Graphs and Charts

Graphs and Charts

Besides grouping, another method for organizing and summarizing data is to draw a picture of some kind. The old saying "a picture is worth a thousand words" has particular relevance in statistics -- a graph or chart of a data set often provides the simplest and most efficient display.

Histograms, dotplots, and stem- and- leaf diagrams are designed for use with quantitative data.

Frequency Histograms

A graph that displays the classes on the horizontal axis and the frequencies of the classes on the vertical axis. The frequency of each class is represented by a vertical bar whose height is equal to the frequency of the class.

Relative-Frequency Histogram

A graph that displays the classes on the horizontal axis and the relative frequencies on the classes on the vertical axis. The relative frequency of each class is represented by a vertical bar whose height is equal to the relative frequency of the class.

Relative- frequency histograms are better than frequency histograms for comparing two data sets. The same vertical scale is used for all relative-frequency histograms -- a minimum of 0 and a maximum of 1 -- making direct comparison easy. In contrast, the vertical scale of a frequency histogram depends on the number of observations, making comparison more difficult. Example of a frequency histogram and a relative-frequency histogram

Another type of graphical display for quantitative data is the dotplot. Dotplots are particularly useful for showing the relative positions of the data in a data set or for comparing two or more data sets. Example of a dotplot diagram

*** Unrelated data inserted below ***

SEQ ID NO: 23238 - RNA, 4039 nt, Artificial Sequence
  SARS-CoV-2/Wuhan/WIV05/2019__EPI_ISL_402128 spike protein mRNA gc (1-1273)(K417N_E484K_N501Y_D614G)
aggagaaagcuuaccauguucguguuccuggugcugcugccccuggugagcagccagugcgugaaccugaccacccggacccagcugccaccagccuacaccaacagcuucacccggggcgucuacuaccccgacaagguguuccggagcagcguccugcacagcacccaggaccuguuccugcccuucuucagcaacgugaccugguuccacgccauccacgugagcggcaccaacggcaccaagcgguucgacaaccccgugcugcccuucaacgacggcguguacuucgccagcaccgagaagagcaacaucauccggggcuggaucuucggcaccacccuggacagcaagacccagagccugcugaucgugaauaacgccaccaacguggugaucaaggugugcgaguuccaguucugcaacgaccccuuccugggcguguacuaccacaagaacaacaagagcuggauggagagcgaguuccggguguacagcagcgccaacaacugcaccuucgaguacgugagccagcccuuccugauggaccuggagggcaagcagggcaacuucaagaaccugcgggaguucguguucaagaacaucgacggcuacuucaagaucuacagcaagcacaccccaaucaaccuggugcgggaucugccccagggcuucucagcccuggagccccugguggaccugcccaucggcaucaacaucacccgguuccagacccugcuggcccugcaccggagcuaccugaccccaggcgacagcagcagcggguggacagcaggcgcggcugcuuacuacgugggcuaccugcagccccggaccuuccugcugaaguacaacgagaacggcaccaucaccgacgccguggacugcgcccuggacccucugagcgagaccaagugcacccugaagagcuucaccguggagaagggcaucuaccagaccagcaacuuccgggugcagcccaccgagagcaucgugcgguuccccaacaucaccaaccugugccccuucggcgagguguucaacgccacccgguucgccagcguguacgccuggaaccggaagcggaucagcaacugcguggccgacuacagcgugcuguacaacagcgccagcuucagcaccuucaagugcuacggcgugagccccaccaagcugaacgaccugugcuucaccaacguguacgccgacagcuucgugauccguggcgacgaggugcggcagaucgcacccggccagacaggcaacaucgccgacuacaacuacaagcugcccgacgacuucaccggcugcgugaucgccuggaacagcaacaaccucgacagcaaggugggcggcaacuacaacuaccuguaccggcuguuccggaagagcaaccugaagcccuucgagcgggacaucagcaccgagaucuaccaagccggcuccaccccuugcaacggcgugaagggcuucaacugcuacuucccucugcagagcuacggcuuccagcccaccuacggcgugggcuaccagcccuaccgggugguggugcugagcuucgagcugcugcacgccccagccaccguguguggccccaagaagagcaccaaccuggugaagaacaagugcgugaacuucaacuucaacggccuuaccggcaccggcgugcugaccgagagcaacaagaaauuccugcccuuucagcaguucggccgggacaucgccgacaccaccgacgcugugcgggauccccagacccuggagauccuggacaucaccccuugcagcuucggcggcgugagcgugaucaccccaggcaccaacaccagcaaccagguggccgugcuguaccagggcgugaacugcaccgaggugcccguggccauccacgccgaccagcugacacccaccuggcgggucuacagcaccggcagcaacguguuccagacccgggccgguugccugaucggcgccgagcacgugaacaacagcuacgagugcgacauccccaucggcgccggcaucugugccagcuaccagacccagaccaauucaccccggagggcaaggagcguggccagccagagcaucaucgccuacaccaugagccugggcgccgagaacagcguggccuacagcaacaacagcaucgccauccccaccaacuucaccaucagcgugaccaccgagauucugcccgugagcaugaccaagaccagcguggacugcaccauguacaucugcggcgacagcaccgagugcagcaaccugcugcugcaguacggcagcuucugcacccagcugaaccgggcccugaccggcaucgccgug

Statisticians continue to invent ways to display data. One method, developed in the 1960s by the late Professor John Tukey of Princeton University, is called a stem- and- leaf diagram. This ingenious diagram is often easier to construct than either a frequency distribution or a histogram and generally displays more information. Example of a stem-and- leaf diagram.

Steps to construct a Stem-and-Leaf Diagram

1. Think of each observation as a stem, consisting of all but the rightmost digit, and a leaf, the rightmost digit.
2. Write the stems from smallest to largest in a vertical column to the left of a vertical rule
3. Write each leaf to the right of the vertical rule in the row that contains the appropriate stem.
4. Arrange the leaves in each row in ascending order.

We use different techniques for qualitative data: two common methods are the pie chart and the bar graph. Example of a pie graph Example of a bar graph

A bar graph is like a histogram. However, to avoid confusing bar graphs and histograms, the bars in a bar graph are positioned so that they do not touch each other.